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<   No. 762   2005-02-26   >

Comic #762

1 Iki Piki: {referring to Death of Insanely Overpowered Fireballs, who is still standing nearby} He killed that AI thing from the past. Will that have any effect on history?
2 Spanners: It doesn't generate any causality paradoxes. Our past is fixed, so it actually already happened.
3 Spanners: It just means the entity stopped working on someone's computer. Any user with half decent writing skills should be happy about it.
4 {scene change: The past. To be precise, the office where Will Shakespeare works.}
4 Shakespeare: {at his computer} Hey, where'd Clippy go?! I need help with Chapter 9!

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Time travel is of course rife with the potential to cause all sorts of causality paradoxes. One solution is that what is in the past has happened, and nothing you can do can change it in any way. Under this assumption, if you travel back in time to kill your grandfather before he sires your father, then no matter how you attempt to achieve it, you fail - simply because history tells you that he did sire your father.

This is actually one of the most workable methods of resolving time travel paradoxes in science fiction and in roleplaying gaming. Obviously you exist... so obviously your grandfather must have lived to sire your father.

Or did he?

If the only evidence you have is the word of your grandmother, then maybe she was lying about who your grandfather really was. So if you go back and kill the guy who she says is your grandfather, you might be able to do it after all. Without causing a paradox, because he wasn't really your grandfather...

In this form of time travel, research and irrefutable proof of events in the past become important. Anything that has been recorded is likely to have really happened. Unless the recording was faked by time travellers...

You see, this form of rigid and inflexible past is quite interesting in terms of developing a time travel story. Probably moreso than a world in which you can change the past - and where you don't have to worry about making things consistent.


2014-04-05 Rerun commentary: I remember one time travel roleplaying game I ran, which used a different method of resolving time paradoxes. Changing the past could change the present, but only probabilistically, forcing the present to collapse into either the present we all know and love, or an "evil" alternate present. Change a few things, and there's no major effect, but change a bunch of things and the present flips into another stable state.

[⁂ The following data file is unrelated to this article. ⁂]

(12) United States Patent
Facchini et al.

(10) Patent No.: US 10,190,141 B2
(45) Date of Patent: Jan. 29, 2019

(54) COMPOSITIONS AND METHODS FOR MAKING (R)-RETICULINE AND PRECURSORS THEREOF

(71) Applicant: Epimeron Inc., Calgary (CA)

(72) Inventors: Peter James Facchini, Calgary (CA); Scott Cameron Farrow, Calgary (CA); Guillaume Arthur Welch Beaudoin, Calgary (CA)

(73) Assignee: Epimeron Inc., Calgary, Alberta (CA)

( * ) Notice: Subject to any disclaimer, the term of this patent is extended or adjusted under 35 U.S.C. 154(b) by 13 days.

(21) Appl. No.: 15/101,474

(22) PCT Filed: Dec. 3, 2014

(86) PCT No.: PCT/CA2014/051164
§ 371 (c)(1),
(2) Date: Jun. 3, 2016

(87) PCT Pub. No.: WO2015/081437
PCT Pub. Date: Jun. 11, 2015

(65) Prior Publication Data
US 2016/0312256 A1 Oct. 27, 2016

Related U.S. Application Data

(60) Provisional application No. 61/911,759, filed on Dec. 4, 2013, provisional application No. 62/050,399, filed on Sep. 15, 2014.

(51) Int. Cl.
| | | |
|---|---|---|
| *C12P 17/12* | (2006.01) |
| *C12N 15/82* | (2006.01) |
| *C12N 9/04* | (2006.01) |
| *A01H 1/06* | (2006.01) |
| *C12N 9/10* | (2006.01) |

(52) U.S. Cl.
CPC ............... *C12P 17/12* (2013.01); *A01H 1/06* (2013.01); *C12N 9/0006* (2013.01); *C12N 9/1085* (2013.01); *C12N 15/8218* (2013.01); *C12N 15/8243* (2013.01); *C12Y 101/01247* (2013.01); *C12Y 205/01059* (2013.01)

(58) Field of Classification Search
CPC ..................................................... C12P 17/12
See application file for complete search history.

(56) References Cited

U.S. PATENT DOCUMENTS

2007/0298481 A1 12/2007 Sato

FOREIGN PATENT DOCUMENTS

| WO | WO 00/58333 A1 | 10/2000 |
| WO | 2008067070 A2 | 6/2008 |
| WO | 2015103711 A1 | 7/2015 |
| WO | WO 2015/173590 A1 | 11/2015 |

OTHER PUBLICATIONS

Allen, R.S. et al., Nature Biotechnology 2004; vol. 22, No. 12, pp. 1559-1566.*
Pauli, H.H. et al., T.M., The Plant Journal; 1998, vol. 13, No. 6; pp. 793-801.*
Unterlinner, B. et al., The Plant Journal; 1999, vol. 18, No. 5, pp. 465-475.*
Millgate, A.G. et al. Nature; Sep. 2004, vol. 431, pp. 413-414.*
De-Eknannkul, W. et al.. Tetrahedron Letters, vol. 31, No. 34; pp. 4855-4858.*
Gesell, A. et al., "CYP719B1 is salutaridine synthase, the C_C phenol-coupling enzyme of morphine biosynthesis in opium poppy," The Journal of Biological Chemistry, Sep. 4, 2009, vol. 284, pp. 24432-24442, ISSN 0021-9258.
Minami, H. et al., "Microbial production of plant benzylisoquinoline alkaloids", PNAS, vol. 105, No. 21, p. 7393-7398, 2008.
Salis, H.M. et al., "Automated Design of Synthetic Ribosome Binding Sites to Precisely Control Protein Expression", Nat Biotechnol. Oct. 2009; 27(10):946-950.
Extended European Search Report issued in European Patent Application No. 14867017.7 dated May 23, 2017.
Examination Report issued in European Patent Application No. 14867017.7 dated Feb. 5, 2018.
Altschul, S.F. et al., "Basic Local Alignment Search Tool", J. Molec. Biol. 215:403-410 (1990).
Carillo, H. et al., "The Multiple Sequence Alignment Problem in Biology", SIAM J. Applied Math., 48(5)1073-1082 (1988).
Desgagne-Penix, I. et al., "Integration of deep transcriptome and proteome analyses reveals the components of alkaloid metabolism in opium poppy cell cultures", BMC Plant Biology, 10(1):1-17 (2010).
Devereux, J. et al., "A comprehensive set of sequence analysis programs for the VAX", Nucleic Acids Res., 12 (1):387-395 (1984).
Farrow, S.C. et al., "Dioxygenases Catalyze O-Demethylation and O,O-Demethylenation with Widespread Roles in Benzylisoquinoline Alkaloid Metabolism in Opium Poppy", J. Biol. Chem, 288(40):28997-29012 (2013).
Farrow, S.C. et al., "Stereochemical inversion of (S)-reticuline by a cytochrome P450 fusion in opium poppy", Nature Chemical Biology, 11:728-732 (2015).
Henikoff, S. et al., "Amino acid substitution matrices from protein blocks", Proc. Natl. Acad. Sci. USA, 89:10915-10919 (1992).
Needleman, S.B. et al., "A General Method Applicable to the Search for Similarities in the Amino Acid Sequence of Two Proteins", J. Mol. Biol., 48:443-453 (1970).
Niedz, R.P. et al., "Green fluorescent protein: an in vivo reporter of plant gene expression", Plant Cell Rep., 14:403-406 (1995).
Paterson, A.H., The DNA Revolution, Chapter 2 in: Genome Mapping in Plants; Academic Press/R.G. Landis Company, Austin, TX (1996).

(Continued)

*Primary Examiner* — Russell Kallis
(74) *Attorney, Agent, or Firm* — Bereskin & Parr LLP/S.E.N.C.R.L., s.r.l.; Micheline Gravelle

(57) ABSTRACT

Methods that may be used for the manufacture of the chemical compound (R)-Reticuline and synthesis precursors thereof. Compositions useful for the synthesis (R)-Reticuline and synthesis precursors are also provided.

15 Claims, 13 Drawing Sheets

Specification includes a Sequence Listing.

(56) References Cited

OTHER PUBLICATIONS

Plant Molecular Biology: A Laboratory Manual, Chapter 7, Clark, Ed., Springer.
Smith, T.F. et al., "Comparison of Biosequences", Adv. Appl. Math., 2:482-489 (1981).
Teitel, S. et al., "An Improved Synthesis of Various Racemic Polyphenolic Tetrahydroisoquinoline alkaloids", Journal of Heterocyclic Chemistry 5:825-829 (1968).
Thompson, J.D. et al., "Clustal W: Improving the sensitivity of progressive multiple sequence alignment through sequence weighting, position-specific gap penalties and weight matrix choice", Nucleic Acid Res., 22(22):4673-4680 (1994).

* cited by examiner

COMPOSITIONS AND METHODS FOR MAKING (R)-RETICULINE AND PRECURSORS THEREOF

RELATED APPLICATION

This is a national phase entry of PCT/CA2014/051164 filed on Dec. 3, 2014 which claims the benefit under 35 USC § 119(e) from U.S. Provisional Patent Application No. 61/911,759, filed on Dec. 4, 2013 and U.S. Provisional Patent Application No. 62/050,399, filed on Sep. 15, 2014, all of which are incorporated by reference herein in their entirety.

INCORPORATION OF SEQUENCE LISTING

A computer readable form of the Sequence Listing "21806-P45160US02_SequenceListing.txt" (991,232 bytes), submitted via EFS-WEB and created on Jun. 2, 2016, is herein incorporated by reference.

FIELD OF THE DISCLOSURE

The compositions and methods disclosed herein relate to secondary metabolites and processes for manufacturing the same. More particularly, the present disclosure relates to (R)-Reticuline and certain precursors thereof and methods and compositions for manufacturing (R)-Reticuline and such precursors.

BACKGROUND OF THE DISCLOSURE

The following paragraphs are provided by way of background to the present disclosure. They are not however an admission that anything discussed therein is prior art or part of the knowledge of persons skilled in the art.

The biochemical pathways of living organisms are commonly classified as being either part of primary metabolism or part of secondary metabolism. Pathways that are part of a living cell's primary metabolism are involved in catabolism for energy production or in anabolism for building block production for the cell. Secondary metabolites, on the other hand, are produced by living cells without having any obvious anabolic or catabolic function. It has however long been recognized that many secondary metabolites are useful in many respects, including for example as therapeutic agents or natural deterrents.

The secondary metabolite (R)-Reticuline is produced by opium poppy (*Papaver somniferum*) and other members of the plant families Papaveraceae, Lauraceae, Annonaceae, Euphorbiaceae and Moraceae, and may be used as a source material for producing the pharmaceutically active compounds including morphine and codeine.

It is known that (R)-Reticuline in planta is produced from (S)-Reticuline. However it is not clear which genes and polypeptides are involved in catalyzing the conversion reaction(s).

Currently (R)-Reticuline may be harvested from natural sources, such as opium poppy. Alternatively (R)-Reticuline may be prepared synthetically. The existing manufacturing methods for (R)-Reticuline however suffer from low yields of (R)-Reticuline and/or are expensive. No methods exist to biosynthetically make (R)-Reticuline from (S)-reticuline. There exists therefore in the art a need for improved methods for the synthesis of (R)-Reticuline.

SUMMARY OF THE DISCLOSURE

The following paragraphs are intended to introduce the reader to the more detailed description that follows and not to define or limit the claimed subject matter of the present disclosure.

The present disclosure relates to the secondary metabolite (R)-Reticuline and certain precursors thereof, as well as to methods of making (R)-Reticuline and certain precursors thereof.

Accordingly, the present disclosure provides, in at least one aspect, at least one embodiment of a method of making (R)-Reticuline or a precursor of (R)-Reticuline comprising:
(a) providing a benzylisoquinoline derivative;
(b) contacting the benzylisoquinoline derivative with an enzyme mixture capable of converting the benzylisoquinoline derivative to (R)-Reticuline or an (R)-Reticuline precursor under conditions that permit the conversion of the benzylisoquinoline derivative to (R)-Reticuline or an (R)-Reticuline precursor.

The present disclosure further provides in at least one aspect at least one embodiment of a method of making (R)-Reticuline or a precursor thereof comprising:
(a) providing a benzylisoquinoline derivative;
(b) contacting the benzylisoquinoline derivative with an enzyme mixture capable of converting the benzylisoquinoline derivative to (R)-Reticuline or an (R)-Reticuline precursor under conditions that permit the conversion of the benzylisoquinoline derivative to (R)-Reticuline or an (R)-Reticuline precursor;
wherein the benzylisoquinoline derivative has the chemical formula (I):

Anyway, in this game the adventurers were given the task of ensuring that the Treaty of Waitangi was duly signed on the day as recorded in the history books, to foil the plot of some evil time agents who wanted to prevent it, thereby enhancing the probability state of their own dystopian present. (It all makes sense in context.)

Anyway anyway, as was virtually inevitable, the treaty got destroyed in a fire or explosion or somesuch. So the PCs solved the problem by returning to the present, retrieving the original treaty document from a museum, and then going back to the past with it and leaving it near the remains of the explosion, so that it could be found and recovered, thus setting up a stable time loop of sorts. (The main problem being that the document would age by roughly an additional 150 years every time it passed through the loop, and eventually become infinitely old. We just ignored this detail.)

Wow, that was a fun adventure. It's generally best not to worry too much about damaging history in such games, lest it get in the way of actually having fun.

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